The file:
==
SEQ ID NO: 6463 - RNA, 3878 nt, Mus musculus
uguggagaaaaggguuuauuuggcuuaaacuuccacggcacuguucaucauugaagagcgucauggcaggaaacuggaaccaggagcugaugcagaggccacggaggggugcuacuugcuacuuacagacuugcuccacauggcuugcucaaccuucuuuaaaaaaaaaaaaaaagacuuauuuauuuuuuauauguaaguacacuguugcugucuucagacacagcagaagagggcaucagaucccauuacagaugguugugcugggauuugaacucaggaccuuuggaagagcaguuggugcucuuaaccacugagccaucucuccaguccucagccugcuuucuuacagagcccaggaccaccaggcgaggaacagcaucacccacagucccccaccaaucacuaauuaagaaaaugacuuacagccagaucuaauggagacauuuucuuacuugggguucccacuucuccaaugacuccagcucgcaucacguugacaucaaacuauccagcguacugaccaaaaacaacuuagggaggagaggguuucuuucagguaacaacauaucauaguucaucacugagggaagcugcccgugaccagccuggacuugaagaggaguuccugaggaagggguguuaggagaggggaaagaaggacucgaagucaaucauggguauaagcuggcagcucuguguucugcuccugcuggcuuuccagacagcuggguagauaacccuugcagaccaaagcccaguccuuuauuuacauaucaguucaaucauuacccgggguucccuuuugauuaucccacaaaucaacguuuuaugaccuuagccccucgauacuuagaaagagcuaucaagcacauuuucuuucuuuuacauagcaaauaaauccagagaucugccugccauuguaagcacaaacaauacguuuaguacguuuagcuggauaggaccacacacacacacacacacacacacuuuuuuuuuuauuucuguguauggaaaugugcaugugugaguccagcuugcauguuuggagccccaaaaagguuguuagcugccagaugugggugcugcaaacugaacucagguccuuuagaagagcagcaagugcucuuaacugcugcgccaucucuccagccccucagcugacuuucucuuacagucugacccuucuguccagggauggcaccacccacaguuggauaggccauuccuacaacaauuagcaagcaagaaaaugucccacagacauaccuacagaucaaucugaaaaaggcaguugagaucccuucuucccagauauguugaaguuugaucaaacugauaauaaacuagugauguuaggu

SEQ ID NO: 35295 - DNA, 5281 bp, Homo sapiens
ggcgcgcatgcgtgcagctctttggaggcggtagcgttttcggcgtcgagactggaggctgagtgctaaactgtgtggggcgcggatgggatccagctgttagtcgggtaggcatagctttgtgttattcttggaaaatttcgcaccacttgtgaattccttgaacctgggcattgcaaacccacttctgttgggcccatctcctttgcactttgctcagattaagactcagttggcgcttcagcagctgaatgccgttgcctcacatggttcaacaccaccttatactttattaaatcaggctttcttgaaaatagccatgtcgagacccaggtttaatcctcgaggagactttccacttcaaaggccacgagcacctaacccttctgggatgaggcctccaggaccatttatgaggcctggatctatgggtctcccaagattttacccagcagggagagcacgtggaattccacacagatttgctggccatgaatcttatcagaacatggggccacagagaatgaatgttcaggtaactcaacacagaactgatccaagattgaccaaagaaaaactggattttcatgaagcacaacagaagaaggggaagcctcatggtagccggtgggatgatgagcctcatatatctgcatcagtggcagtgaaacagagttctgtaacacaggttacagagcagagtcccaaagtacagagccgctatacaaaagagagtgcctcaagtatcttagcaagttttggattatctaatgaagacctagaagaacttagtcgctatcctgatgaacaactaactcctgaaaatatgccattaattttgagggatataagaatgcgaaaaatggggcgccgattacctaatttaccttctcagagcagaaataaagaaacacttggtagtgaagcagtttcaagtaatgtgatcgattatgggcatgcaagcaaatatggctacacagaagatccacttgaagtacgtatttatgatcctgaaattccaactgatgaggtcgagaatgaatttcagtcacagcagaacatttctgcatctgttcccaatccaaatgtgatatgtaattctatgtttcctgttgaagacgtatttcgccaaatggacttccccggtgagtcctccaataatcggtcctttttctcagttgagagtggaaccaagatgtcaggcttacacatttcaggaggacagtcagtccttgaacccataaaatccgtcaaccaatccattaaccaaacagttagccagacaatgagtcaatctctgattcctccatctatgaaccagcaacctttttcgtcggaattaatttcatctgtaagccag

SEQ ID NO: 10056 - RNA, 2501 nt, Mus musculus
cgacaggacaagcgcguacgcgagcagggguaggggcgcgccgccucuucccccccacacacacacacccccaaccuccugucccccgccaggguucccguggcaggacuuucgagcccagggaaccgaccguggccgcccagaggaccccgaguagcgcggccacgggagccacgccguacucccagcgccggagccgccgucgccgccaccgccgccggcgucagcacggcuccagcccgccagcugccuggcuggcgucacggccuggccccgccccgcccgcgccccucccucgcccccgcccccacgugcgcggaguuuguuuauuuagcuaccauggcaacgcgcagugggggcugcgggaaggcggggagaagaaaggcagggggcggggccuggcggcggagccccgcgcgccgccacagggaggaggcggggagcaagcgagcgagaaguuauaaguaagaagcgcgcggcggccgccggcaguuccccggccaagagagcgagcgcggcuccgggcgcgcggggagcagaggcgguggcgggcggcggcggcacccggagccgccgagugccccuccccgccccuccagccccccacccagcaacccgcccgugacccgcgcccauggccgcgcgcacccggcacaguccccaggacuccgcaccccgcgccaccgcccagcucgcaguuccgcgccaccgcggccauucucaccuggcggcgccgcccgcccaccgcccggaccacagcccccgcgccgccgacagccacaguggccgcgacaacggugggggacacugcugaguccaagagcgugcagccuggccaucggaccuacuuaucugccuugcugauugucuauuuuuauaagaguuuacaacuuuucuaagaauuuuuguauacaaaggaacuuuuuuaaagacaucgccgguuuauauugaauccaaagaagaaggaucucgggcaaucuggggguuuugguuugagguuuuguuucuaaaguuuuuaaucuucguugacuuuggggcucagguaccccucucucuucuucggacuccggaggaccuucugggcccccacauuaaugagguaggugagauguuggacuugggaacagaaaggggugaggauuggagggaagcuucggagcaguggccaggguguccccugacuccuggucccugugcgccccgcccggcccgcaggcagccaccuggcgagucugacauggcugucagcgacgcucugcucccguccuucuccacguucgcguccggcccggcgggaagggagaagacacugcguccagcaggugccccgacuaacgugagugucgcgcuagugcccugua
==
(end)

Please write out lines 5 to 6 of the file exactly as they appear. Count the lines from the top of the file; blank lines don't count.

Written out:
SEQ ID NO: 10056 - RNA, 2501 nt, Mus musculus
cgacaggacaagcgcguacgcgagcagggguaggggcgcgccgccucuucccccccacacacacacacccccaaccuccugucccccgccaggguucccguggcaggacuuucgagcccagggaaccgaccguggccgcccagaggaccccgaguagcgcggccacgggagccacgccguacucccagcgccggagccgccgucgccgccaccgccgccggcgucagcacggcuccagcccgccagcugccuggcuggcgucacggccuggccccgccccgcccgcgccccucccucgcccccgcccccacgugcgcggaguuuguuuauuuagcuaccauggcaacgcgcagugggggcugcgggaaggcggggagaagaaaggcagggggcggggccuggcggcggagccccgcgcgccgccacagggaggaggcggggagcaagcgagcgagaaguuauaaguaagaagcgcgcggcggccgccggcaguuccccggccaagagagcgagcgcggcuccgggcgcgcggggagcagaggcgguggcgggcggcggcggcacccggagccgccgagugccccuccccgccccuccagccccccacccagcaacccgcccgugacccgcgcccauggccgcgcgcacccggcacaguccccaggacuccgcaccccgcgccaccgcccagcucgcaguuccgcgccaccgcggccauucucaccuggcggcgccgcccgcccaccgcccggaccacagcccccgcgccgccgacagccacaguggccgcgacaacggugggggacacugcugaguccaagagcgugcagccuggccaucggaccuacuuaucugccuugcugauugucuauuuuuauaagaguuuacaacuuuucuaagaauuuuuguauacaaaggaacuuuuuuaaagacaucgccgguuuauauugaauccaaagaagaaggaucucgggcaaucuggggguuuugguuugagguuuuguuucuaaaguuuuuaaucuucguugacuuuggggcucagguaccccucucucuucuucggacuccggaggaccuucugggcccccacauuaaugagguaggugagauguuggacuugggaacagaaaggggugaggauuggagggaagcuucggagcaguggccaggguguccccugacuccuggucccugugcgccccgcccggcccgcaggcagccaccuggcgagucugacauggcugucagcgacgcucugcucccguccuucuccacguucgcguccggcccggcgggaagggagaagacacugcguccagcaggugccccgacuaacgugagugucgcgcuagugcccugua